In 1931 she sailed back to Scotland on the same ship. On this occasion her occupation is recorded as a nurse. She was in Scotland for three months before returning to New York. On the return record her occupation was nursemaid.
In 1937 her father Matthew died so Mary returned to Scotland for a short period. She is now recorded as a children’s nurse. The occupation information from her travel records shows that she was a nanny but unfortunately I don’t have any employment records.
On her previous trips to Scotland Mary stayed with her family in Newmains but on a trip in 1838 her destination address was Yester House in Gifford. I checked this address and found this photograph. A far cry from her home in Newmains.
Travelling with Mary on this trip were teacher, Winifred Barry and maid, Margaret Seahill. In first class and also heading for Yester House were sisters, Harriet Van Ingen and Edith McClane and their children. Harriet and Edith were the daughters of Herbert L Pratt who, it would seem, was a very rich man. So, Mary was a nanny to the rich and famous but still no Spencer’s Tracy connection.
In June 1949 this short article was published in the Wishaw Press and tells of a concert in St Brigid’s Parish Hall. Mary, it seems, was to be star of the show after a performance at none other that Carnegie Hall in New York.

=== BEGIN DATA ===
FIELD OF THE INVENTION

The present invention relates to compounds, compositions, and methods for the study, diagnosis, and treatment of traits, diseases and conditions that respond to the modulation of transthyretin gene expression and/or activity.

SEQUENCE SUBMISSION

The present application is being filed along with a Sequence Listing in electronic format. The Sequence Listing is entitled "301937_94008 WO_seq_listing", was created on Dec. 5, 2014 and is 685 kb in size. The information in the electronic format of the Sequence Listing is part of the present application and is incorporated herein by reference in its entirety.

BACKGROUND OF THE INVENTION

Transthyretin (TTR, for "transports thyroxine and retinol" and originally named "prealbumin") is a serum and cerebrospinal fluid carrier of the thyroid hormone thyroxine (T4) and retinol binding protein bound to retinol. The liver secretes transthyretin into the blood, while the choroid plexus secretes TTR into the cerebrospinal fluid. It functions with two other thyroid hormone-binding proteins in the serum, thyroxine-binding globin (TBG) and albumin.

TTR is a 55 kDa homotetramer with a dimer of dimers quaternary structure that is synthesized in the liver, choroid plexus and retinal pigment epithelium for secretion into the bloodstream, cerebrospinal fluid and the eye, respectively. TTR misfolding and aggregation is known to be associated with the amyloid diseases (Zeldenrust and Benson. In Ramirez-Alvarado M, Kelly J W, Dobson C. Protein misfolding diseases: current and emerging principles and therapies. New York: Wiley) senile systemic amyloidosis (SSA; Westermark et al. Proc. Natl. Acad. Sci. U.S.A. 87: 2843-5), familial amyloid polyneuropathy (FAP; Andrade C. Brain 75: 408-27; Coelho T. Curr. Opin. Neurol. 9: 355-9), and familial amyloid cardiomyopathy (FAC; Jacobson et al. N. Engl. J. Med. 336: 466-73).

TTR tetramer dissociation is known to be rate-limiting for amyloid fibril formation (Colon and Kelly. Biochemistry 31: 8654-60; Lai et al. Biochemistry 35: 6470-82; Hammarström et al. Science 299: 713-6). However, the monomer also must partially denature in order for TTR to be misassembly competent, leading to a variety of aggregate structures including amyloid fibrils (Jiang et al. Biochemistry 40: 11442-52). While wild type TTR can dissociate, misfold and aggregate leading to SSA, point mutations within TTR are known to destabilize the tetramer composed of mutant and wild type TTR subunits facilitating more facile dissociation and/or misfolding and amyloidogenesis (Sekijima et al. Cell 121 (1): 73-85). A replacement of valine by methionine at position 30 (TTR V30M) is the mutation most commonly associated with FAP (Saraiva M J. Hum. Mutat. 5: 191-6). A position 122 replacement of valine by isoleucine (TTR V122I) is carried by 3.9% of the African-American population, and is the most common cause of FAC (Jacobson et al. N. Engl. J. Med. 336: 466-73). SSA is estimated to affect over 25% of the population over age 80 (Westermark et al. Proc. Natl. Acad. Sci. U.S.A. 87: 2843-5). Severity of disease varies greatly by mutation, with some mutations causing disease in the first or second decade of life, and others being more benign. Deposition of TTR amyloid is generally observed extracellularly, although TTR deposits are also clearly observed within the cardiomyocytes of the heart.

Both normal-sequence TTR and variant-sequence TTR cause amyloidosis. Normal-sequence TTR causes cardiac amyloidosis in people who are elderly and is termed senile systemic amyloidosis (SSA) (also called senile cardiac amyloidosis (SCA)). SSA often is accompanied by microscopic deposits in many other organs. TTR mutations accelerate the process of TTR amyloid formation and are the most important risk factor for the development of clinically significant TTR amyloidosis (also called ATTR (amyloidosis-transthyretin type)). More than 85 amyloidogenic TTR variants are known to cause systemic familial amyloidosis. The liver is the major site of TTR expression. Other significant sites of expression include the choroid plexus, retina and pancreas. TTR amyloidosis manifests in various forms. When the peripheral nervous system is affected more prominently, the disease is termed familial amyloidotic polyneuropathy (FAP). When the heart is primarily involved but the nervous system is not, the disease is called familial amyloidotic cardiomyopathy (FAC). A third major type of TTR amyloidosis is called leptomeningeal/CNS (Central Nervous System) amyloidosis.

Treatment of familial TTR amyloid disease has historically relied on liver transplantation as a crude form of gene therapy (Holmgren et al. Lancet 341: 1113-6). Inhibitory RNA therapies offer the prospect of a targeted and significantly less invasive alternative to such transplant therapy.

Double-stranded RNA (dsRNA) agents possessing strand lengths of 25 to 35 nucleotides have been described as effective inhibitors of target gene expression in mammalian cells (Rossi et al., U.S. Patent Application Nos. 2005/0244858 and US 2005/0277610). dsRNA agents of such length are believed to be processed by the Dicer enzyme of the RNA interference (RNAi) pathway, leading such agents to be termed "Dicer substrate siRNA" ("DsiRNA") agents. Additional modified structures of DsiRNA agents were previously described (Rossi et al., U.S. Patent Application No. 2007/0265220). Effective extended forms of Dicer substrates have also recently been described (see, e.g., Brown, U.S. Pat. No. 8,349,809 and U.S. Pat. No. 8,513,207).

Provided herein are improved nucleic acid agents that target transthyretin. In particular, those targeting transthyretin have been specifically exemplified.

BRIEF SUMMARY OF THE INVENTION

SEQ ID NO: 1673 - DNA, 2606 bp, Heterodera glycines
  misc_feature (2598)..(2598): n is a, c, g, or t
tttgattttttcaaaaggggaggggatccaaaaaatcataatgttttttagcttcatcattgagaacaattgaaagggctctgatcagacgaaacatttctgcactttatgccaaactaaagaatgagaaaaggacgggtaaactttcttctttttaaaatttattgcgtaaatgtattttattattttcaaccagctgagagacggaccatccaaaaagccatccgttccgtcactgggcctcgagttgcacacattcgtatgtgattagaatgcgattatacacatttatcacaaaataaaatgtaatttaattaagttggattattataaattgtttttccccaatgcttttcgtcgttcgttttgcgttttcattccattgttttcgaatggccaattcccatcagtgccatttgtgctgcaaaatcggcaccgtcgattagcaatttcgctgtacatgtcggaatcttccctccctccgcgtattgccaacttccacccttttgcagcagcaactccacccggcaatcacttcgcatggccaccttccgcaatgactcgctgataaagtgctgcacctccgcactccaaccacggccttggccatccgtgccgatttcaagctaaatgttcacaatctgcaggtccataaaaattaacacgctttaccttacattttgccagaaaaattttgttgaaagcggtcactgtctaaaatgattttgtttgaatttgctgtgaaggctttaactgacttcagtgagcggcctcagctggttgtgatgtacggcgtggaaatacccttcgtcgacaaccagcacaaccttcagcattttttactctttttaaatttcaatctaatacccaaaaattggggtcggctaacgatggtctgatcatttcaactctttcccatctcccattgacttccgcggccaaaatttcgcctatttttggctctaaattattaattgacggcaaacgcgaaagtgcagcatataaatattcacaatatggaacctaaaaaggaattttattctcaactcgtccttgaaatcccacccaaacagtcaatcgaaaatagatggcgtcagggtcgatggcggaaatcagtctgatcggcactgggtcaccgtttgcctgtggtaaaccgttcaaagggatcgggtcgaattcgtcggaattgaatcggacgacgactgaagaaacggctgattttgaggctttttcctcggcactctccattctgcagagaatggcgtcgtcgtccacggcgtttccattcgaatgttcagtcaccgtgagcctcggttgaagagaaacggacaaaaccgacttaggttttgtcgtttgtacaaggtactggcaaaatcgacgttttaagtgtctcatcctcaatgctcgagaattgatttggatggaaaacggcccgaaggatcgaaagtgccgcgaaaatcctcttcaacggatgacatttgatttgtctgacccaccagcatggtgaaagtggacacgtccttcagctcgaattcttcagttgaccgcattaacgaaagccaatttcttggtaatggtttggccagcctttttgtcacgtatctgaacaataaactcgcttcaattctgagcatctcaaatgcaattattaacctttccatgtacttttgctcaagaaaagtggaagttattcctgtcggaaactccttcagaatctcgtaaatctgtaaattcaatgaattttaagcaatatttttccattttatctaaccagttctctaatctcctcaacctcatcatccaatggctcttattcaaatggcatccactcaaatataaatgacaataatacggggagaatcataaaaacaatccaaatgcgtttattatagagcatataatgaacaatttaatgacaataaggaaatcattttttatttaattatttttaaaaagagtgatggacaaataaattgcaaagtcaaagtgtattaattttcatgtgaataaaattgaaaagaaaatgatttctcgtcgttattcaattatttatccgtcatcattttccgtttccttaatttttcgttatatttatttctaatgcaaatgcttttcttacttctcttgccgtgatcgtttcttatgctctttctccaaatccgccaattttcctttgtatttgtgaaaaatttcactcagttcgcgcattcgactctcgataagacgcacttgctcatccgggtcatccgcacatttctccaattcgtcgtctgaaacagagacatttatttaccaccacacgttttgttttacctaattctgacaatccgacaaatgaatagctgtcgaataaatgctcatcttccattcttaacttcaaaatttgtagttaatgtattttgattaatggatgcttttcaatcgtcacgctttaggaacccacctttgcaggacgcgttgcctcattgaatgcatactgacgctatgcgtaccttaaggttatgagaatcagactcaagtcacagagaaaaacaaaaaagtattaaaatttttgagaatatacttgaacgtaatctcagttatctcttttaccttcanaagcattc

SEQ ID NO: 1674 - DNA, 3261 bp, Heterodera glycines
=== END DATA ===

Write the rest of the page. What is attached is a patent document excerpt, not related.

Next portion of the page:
Mary travelled back and forth between New York and Newmains on a further number of occasions in 1962 she also visited Paris. Look at her address on these arrival documents between 1958 and 1962.
Mary was living at Carnegie Hall, New York! And who else was known to have a studio at Carnegie Hall? Mr Spencer Tracy.
I decided to contact Carnegie Hall to see if they could provide any information in relation to Mary’s time there. I was delighted when, after just a couple of days, I received a reply from the Archives.
There was a connection between Spencer Tracy and Carnegie Hall, but not to Studio 868. Tracy studied a the American Academy ofDramatic arts, which had its offices and taught classes from studios at Carnegie Hall. the American Academy leased the theatre on Carnegie Hall’s lower level, at the time known as Carnegie Lyceum, from late 1895 until 1956, when they moved out of the building. Tracy studies at the AADA in 1922-23 and appeared in several student productions.